The Heart of Chile

For week’s I’ve debated on how to sum up/write about the areas of Chile that we visited outside of Patagonia.  For a country that stretches 4,300 Km in length, with climates ranging from the driest desert on earth to the third largest glacial ice field on earth, it is hard to sum it up by just visiting two regions.

While we spent nearly 2 weeks exploring some of the best sights that this wonderful country has to offer, I feel that we barely scratched the surface.  What I can say is that modern Chile has a lot to be proud of: a stable government,  South America’s strongest economy, friendly people, an embrace of their history, wonderful traditions, and great food…There is nothing quite like a Chilean sandwich anywhere else on earth!

I think one of the things that I like the most about Chile is the immense pride that their people have in their country.  Driving down any road, there are bright Chilean flags flying outside of just about every house.  While at a bar here, the native Chilean bartender was trying to one up his Argentinian coworker by crafting a perfect cocktail.  I have to admit he did a good job…It was probably one of the most beautiful drinks I’ve ever drank.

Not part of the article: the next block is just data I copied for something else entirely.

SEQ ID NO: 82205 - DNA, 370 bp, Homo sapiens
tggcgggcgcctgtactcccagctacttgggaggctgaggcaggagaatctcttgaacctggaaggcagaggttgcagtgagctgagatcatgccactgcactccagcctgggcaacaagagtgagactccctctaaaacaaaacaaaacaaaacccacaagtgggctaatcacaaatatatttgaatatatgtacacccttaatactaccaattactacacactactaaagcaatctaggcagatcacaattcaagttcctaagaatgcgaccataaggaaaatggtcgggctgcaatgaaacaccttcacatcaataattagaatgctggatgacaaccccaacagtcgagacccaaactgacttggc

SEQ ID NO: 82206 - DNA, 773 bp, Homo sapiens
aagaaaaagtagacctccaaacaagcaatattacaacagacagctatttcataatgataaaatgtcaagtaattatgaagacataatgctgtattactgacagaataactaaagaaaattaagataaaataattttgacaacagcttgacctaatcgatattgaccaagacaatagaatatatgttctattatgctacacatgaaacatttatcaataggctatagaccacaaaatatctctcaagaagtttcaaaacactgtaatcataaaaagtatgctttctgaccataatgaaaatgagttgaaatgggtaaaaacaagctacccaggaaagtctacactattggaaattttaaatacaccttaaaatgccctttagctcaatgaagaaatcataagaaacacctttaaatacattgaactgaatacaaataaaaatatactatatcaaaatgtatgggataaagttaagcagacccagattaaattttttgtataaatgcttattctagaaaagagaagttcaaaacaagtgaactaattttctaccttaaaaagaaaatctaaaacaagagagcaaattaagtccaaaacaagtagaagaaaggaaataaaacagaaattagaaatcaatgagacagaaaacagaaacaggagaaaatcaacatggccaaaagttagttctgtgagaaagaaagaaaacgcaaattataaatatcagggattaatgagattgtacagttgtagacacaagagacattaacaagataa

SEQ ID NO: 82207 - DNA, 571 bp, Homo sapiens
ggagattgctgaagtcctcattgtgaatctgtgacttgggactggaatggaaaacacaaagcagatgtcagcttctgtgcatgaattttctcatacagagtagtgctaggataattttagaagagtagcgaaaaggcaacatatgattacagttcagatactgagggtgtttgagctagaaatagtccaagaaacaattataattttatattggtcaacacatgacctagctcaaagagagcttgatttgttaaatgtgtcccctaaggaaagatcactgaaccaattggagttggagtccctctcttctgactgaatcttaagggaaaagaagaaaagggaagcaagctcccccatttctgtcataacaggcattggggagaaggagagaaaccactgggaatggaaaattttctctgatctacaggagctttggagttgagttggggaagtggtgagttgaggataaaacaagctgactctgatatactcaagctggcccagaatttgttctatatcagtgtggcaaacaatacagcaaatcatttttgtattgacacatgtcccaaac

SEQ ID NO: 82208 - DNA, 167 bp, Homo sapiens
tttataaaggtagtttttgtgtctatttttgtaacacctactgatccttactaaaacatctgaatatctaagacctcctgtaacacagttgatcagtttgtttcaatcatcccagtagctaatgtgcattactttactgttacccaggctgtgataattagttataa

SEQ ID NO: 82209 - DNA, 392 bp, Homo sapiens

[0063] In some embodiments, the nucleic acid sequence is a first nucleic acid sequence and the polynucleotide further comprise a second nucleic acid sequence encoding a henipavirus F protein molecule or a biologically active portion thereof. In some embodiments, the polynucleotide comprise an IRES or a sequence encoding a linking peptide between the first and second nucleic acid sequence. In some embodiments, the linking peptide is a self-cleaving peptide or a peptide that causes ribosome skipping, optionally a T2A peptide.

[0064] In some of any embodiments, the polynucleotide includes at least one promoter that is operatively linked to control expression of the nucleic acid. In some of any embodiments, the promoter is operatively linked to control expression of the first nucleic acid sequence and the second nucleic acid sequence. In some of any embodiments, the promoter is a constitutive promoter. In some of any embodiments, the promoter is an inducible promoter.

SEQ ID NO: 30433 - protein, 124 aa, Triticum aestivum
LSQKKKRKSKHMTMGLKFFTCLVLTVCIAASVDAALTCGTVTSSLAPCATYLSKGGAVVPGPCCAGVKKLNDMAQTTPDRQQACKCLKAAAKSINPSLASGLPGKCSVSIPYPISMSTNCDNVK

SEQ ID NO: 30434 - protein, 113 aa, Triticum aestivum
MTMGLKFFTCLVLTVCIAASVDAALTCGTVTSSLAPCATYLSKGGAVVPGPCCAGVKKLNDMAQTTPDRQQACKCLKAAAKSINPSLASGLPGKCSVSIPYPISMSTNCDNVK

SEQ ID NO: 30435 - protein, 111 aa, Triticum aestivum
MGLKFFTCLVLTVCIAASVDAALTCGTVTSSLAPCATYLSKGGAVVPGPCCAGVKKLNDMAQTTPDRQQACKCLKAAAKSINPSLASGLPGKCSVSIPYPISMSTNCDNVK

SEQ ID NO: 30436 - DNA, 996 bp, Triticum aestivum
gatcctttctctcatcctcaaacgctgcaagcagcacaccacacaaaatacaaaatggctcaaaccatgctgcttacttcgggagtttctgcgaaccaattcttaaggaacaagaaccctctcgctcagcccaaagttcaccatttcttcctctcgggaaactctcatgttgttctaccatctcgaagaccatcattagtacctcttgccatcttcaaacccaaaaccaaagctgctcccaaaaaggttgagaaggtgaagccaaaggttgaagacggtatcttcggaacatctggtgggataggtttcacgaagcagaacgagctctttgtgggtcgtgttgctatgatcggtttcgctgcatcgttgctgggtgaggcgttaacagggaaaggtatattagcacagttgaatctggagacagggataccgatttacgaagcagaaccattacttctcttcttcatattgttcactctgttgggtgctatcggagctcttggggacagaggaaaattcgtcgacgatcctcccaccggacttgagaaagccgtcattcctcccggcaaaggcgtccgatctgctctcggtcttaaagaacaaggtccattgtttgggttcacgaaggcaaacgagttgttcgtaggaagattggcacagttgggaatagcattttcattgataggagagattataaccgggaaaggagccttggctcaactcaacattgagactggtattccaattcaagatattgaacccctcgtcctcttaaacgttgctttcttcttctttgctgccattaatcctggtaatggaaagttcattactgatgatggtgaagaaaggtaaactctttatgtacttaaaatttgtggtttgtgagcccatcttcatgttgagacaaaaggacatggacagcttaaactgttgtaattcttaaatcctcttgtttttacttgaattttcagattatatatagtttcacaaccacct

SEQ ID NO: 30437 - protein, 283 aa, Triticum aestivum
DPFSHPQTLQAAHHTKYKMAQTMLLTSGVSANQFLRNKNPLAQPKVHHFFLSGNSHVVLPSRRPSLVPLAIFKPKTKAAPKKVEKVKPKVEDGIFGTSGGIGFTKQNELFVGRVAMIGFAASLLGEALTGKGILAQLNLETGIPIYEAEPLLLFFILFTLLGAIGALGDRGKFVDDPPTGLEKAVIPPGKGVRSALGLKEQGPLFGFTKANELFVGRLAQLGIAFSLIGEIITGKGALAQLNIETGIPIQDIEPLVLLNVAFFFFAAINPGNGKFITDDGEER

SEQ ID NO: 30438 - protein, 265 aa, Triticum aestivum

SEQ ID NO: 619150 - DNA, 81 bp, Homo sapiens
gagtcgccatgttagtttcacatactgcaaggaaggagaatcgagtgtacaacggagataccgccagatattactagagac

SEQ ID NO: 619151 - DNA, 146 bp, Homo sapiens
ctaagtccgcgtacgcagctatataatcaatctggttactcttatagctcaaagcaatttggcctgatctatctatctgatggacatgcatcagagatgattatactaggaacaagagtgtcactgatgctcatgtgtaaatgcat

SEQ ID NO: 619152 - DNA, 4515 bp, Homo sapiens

As passionate as Chileans are about their country, they are passionate about religion.  It is impossible to talk about the history of Chile without involving Catholicism.  The biggest crowds that we saw while in the country were gathered around churches and religious monuments.

We were fortunate enough to experience Chile’s culture in the sprawling capital of Santiago and the nearby coastal city of Valparaiso.  Each of these cities is unique and it is easy to tell that Santiago is the economic and political powerhouse of this part of South America.

While Santiago packs in the masses and serves as Chile’s economic & governmental capital, Valparaiso packs in the charm.  Some have called it the San Francisco of South America.  The great thing about this city is that it has garnered enough attention to preserve the unique buildings, but not enough attention to ruin the unique local culture.  Walking down the streets in Valparaiso is like walking through a history museum turned art museum.  Photographic opportunities abound around every street corner…

 

 

 

 

 

 

 

 

 

 

 

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